“Richard Halliburton’s idiosyncratic, even eccentric, adventures of the 1930s have become for the children of the well-to-do the assumed, the required. “you just have to travel, even if it’s hard,” said the young daughter of a New England insurance executive and a stockbroker.”


The manners of economically-privileged children “actually amount to a complicated and tenacious defensive network of words, gestures, rituals. With manners (they) feel reasonably secure, able to respect (themselves) and come to terms with others.” (pg. 532)


On pg. 543, Coles writes:

“It may well be that from a cultural critic’s point of view these privileged children are ‘growing up absurd”…; it may be too that their ‘moral development’ is restricted, constrained–or, at the very least, limited by various social, cultural, and educational forces.” Of course, Coles doesn’t support this slanted perspective which smacks of being “cannon fodder for a particular ideological or psychiatric theory. ”

I want to add that I think many very creative, privileged people (being over-achievers and workaholics) probably are autistic (have Asperger Syndrome). They–we–are thus often judged/perceived as being “morally” lacking (I was just told last week that I am certainly “not a lady” because I used the word “fuck” online) and socially “rude.” We are also called “cold” and “socially inadequate.” 90% of this criticism is incorrect and the result of neuro-typicals (non-autistics0 misunderstanding us.

On pg. 527-528, Coles writes about the childhoods of built-in isolation:

“The children of such (privileged) men and women get to feel at a remove in some psychological or spiritual way…as if seclusion has prompted some pervasive and unregenerate notion of difference.”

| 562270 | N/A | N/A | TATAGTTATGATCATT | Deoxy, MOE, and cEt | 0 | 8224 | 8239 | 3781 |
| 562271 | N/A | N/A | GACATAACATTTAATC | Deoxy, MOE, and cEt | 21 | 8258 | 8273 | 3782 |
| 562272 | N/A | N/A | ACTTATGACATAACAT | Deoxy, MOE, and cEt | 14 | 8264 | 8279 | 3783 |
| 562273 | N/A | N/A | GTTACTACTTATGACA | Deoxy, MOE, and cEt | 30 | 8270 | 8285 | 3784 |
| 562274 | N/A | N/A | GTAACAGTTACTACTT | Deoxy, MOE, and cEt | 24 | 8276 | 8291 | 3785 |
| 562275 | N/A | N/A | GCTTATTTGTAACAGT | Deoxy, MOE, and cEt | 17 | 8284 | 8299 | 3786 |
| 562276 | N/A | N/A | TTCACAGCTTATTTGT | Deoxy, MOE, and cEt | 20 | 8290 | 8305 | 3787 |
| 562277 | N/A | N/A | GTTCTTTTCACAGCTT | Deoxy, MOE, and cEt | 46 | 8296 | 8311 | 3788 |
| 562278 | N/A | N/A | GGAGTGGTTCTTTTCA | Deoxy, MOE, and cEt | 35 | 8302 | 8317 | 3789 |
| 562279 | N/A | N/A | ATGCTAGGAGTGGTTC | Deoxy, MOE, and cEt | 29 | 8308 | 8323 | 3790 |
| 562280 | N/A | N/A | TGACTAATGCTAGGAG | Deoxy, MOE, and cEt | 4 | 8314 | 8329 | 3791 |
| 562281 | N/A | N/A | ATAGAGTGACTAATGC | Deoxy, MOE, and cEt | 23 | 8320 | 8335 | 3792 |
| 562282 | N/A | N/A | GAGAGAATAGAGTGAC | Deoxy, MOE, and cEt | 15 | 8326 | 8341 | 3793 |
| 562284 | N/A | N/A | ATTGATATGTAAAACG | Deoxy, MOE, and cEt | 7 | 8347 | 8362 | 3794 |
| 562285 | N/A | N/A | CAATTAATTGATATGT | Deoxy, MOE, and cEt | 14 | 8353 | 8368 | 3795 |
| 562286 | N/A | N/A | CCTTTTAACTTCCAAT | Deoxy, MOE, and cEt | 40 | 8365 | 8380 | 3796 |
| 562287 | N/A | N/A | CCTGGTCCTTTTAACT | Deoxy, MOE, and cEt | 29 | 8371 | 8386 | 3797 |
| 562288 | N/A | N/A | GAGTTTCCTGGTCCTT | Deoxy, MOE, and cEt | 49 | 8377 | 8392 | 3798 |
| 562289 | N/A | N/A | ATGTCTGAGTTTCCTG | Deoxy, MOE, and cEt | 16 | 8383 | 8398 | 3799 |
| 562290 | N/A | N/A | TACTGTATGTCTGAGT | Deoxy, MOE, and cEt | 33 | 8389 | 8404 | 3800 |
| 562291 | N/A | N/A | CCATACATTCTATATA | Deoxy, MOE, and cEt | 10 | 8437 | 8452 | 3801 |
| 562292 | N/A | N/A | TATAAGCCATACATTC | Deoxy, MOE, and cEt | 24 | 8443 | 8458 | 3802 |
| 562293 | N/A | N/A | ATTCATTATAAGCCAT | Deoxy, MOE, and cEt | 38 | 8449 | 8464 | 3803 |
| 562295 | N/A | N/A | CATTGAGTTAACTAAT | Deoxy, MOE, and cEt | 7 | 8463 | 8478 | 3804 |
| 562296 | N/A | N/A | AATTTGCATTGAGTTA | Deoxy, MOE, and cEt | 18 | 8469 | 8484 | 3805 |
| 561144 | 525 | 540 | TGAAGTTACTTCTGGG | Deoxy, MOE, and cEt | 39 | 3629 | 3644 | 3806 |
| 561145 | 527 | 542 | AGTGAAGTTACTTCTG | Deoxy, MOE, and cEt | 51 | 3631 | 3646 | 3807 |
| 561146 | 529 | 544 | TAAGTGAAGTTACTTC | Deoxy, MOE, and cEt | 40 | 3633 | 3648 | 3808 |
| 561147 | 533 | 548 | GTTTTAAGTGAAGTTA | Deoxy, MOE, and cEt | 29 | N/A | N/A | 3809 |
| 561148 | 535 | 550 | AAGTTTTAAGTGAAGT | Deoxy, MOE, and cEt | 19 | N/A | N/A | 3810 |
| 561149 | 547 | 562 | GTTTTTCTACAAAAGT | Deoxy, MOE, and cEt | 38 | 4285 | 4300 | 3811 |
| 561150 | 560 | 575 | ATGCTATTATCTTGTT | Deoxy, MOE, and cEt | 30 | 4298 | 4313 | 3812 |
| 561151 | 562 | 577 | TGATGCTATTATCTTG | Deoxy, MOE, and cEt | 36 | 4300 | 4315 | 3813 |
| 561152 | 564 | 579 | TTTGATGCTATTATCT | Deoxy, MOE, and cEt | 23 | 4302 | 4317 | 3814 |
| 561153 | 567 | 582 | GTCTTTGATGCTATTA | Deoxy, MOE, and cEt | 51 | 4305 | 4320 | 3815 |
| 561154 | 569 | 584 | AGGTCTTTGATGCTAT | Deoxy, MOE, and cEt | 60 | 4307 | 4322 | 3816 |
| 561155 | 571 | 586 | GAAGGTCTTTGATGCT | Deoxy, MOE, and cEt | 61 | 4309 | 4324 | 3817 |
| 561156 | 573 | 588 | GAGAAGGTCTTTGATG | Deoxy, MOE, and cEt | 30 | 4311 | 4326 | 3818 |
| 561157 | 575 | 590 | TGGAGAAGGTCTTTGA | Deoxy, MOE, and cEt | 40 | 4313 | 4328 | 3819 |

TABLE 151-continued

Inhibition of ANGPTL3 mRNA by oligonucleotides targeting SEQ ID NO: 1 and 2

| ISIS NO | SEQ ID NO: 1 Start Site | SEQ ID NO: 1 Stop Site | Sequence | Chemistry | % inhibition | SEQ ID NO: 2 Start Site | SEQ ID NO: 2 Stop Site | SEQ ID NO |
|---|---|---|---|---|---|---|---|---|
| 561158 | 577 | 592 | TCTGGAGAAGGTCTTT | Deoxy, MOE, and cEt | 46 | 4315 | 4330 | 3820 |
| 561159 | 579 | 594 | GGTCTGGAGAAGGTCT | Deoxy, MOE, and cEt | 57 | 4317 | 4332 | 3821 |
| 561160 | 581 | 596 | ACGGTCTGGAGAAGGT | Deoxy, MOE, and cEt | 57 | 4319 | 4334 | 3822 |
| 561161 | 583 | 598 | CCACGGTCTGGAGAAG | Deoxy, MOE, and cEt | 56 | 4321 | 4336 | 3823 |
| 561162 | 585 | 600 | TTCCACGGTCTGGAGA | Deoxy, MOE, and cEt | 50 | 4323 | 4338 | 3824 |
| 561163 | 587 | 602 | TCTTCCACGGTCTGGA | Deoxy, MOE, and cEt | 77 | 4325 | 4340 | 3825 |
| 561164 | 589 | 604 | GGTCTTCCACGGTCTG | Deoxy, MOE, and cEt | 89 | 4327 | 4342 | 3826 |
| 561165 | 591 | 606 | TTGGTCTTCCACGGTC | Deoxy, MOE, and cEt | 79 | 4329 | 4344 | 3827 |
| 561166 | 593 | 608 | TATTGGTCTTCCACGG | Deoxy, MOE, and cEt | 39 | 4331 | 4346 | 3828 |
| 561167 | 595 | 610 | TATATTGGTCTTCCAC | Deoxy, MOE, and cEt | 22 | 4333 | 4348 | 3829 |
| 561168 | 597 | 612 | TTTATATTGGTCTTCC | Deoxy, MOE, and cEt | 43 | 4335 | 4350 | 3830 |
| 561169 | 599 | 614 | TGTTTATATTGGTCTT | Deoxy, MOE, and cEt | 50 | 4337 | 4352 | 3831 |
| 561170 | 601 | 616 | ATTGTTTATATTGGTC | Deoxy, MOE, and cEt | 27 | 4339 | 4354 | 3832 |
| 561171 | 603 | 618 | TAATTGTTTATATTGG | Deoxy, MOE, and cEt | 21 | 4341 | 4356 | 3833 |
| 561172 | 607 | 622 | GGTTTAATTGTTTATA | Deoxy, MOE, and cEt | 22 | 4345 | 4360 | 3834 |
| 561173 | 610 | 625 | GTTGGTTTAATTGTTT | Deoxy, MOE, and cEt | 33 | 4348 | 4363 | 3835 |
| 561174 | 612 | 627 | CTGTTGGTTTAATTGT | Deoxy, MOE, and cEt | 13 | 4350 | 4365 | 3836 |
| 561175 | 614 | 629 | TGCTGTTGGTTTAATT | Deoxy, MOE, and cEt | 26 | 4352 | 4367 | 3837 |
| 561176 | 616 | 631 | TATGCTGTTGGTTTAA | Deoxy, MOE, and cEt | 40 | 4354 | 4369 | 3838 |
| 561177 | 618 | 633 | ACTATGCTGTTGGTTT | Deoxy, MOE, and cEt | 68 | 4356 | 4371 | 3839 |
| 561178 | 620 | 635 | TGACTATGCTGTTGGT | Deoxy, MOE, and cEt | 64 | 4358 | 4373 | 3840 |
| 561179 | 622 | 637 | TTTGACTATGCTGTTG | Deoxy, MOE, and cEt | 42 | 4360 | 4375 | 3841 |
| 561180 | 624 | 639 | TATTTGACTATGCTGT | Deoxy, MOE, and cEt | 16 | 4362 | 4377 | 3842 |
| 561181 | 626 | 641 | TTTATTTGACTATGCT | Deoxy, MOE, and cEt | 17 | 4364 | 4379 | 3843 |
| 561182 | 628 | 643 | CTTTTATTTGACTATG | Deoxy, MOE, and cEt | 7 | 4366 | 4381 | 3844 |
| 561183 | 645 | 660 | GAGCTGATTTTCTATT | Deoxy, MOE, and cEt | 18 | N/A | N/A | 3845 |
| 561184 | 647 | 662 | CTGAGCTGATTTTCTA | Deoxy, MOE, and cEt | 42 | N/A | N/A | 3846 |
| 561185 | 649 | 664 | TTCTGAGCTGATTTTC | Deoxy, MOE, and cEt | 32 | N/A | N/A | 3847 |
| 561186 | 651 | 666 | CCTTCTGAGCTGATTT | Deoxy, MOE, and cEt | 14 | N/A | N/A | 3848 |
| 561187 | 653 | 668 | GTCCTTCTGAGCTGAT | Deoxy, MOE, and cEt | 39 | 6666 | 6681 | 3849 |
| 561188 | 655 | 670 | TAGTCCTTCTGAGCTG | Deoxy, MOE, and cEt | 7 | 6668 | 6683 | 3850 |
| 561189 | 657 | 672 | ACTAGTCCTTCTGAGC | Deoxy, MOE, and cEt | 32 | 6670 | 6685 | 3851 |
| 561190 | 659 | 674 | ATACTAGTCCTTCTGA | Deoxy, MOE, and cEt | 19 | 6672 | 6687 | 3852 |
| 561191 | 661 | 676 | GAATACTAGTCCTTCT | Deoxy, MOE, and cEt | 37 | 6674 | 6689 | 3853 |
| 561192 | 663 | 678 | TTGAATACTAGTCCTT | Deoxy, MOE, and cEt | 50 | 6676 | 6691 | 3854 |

In the main, I was not a privileged child. I was adopted by people who were not at all part of the American mainstream or even the American middle class until they were in their late 30s/early 40s. It was then that they adopted me.

My family and I traveled to Europe and took frequent (usually summer) vacations because Dad worked hard and happened to be very good at his trade. And also because Dad was an immigrant (and Mom first generation German-American) and he wanted to see his struggling family in Berlin, Germany after WW II. (Dad helped to financially support his German family all during WW II and afterward.)

My genetic- (or birth-) parents were closer to the American mainstream, and, in my birth-father’s case, right in the upper-middle-class. My grandfather, Fredrick Page Boswell of Kentucky and then Montgomery, Alabama was a medical doctor and he raised his family of four sons in an exclusive part of Montgomery (before sending them all away at a young age to board at a military academy). Brown Hill Boswell, my birth-father, also became a medical doctor. My birth-mother, Jeanne Hawes Whitney of Braintree, Massachusetts had humble beginnings (I don’t know exactly what), but she married a Whitney, took up residence in rather exclusive Scituate, Mass. Her oldest son, John, later taught economics at Harvard Graduate School of Business Administration. (That’s where I went to meet him–Surprise!–at his office. It was the first and last time we met.)

So, genetically, I have roots in the upper-middle-class. That’s my natural inclination. The adoptive parents are considered within adoption circles to be the “social” parents, or the ones who teach one how to behave socially (what one’s social position is). I learned from working class parents how to behave as part of the middle class (into which they had moved). I learned from my best friend, Jane Britton, how to be upper-middle-class in behavior. This is how I see myself now, as a combination of genetics and adoption, a combination of both working- and immigrant-class values and behavior and upper-middle-class values and behavior.


March 28